Reading List for Vidiots

I know next to nothing about video synthesis, but I want to learn. As a retired graduate school professor of the history of architecture, there’s nothing better for me than reading about stuff. Well, watching videos is great here.

So let’s post the titles of any books from the past or the present that would be of use in, say a course on the topic (I’m not planning to teach one).

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One of the best sources for historical documents related to early video art/synthesis is the Vasulka archive.


Wow, the detailed technical descriptions in the Works by Steina section of that site are really interesting too.

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I’ve really been enjoying what I can follow of this thrift store find off and on. It is quite technical, all full of vacuum tube charts and Fourier coefficients, and was published before color broadcasts were standardized, but gives quite a nice description and rationale for how analog broadcast systems were engineered.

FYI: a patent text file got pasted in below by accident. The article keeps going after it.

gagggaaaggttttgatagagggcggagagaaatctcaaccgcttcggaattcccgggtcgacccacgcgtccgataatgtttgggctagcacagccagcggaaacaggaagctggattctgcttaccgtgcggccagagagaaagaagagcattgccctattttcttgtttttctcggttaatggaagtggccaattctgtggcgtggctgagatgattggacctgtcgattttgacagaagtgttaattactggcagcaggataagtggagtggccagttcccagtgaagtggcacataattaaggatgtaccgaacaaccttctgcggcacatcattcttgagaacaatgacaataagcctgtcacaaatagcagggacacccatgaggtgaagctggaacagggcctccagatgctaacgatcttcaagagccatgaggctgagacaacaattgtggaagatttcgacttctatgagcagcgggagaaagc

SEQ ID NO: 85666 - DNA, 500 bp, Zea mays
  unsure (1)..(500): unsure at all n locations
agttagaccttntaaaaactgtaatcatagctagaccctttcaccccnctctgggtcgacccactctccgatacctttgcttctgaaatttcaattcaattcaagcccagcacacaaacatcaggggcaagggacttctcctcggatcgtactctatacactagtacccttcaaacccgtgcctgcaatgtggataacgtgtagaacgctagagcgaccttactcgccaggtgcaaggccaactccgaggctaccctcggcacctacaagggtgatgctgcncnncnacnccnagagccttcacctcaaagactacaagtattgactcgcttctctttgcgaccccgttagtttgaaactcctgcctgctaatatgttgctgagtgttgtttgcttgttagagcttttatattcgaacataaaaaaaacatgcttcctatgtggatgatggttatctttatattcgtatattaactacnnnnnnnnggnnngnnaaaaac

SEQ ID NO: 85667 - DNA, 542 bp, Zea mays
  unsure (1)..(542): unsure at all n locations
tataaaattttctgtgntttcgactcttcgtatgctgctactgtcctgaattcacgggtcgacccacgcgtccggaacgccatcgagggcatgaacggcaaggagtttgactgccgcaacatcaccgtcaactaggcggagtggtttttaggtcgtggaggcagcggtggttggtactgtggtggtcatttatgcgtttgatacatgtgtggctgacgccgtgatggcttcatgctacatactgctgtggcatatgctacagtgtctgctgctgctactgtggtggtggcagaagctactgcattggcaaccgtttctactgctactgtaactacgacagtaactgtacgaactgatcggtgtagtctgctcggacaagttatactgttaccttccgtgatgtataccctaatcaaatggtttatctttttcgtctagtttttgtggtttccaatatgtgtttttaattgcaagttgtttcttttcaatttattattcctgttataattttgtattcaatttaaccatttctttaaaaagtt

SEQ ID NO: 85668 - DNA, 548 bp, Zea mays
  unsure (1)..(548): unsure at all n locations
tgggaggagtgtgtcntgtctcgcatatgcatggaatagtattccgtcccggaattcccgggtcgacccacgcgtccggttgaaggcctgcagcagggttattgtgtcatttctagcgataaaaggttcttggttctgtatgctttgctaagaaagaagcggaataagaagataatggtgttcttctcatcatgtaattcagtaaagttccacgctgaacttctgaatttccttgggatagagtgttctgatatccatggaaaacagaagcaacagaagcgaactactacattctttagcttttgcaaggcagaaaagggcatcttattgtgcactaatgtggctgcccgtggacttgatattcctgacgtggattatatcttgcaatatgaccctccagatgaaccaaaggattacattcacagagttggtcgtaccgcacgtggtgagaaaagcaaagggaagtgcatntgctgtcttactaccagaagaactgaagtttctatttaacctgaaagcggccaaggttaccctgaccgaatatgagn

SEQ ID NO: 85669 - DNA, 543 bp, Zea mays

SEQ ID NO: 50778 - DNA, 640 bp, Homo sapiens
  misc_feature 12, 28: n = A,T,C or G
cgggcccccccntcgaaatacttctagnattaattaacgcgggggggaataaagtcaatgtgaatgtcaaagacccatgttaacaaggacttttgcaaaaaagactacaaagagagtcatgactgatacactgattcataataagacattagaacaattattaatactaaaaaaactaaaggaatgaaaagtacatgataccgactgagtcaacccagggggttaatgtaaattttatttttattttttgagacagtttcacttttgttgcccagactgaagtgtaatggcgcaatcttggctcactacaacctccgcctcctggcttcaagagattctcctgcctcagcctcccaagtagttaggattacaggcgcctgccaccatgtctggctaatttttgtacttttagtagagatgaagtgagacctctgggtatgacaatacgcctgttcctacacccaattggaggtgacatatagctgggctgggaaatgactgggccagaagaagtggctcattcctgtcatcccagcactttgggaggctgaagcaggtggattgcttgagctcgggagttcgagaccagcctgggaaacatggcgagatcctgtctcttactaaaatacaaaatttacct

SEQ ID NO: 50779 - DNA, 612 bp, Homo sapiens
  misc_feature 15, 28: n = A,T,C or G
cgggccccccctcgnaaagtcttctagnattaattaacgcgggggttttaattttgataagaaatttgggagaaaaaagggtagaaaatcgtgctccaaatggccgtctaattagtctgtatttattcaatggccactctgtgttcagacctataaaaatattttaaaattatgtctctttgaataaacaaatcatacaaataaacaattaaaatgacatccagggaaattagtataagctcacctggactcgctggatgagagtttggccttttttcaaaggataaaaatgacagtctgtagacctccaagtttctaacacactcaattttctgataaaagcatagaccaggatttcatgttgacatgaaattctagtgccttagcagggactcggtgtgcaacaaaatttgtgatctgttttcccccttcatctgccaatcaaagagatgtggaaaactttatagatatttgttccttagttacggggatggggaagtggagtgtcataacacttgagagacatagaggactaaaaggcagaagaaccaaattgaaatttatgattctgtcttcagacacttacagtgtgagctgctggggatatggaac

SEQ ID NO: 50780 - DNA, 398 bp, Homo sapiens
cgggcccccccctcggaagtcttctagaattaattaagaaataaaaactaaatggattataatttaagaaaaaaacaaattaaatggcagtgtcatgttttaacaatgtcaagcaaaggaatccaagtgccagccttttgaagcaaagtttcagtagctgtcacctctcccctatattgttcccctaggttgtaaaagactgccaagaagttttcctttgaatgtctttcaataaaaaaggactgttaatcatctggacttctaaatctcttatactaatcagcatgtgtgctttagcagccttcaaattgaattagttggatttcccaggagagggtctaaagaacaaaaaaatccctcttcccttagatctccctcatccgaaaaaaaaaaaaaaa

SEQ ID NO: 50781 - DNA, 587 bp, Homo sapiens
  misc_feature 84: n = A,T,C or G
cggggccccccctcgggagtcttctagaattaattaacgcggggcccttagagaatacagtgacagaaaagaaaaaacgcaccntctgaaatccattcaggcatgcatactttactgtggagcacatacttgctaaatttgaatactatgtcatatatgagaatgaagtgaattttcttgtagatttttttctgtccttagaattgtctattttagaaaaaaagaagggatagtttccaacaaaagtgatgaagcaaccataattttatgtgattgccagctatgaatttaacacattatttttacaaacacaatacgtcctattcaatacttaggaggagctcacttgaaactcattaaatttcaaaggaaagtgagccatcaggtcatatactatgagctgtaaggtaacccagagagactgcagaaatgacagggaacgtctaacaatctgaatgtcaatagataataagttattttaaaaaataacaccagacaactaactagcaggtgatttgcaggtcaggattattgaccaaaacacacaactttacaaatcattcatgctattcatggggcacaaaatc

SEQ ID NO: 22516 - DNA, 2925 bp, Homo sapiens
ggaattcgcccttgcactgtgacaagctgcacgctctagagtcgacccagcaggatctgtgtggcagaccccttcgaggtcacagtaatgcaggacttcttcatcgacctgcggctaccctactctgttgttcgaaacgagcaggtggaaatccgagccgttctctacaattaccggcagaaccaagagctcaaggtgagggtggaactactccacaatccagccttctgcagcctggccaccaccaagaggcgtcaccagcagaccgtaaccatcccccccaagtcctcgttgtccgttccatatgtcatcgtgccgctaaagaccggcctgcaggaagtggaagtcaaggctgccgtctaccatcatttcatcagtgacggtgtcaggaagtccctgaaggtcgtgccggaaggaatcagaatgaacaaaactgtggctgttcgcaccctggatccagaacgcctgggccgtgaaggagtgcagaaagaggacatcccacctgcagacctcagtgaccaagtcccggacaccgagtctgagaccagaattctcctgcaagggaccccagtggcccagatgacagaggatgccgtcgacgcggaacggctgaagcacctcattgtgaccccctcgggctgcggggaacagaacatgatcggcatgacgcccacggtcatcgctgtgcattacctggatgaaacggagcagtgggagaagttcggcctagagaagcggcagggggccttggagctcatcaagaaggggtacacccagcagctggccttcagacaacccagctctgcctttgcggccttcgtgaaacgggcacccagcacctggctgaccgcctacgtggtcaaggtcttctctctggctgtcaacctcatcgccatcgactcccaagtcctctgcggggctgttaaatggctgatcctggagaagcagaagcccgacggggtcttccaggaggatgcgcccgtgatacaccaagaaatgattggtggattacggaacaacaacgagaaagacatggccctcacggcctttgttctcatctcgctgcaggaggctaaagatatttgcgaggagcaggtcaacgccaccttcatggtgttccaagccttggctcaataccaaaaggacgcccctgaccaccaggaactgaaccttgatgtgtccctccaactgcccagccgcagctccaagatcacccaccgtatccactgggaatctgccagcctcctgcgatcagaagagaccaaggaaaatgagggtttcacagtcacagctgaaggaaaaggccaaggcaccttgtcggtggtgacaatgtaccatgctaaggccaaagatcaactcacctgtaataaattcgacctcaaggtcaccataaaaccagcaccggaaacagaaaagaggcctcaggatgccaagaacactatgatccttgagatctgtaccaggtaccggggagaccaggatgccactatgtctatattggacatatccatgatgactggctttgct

Analogue Video by Angelo La Spina
(technological evolution plus DIY circuits)

Johannes Gfeller, Agathe Jarczyk, Joanna Phillips - Compendium of Image Errors in Analogue Video (2013, Scheidegger & Spiess) is mainly about preservation of videotapes but also has a concise chapter on how analogue video works and another on video art.

Recently available academic free e-book resource that has lots of useful information, again primarily from a preservation point of view.

Digital Art through the Looking Glass:

Oliver Grau, Janina Hoth, & Eveline Wandl-Vogt (eds.)

Also a few others worth mentioning in case they haven’t shown up on your radar.

I find this indispensable although pricey:

This is filled with amazing details (especially related to the Vasulkas) and can be found used affordably:

Great resource with tax exempt donation to a worthy cause:

Not a book but same gushing praise as previous entry:


The bible of compositing techniques:

On the pattern and design angle:

This one is fun: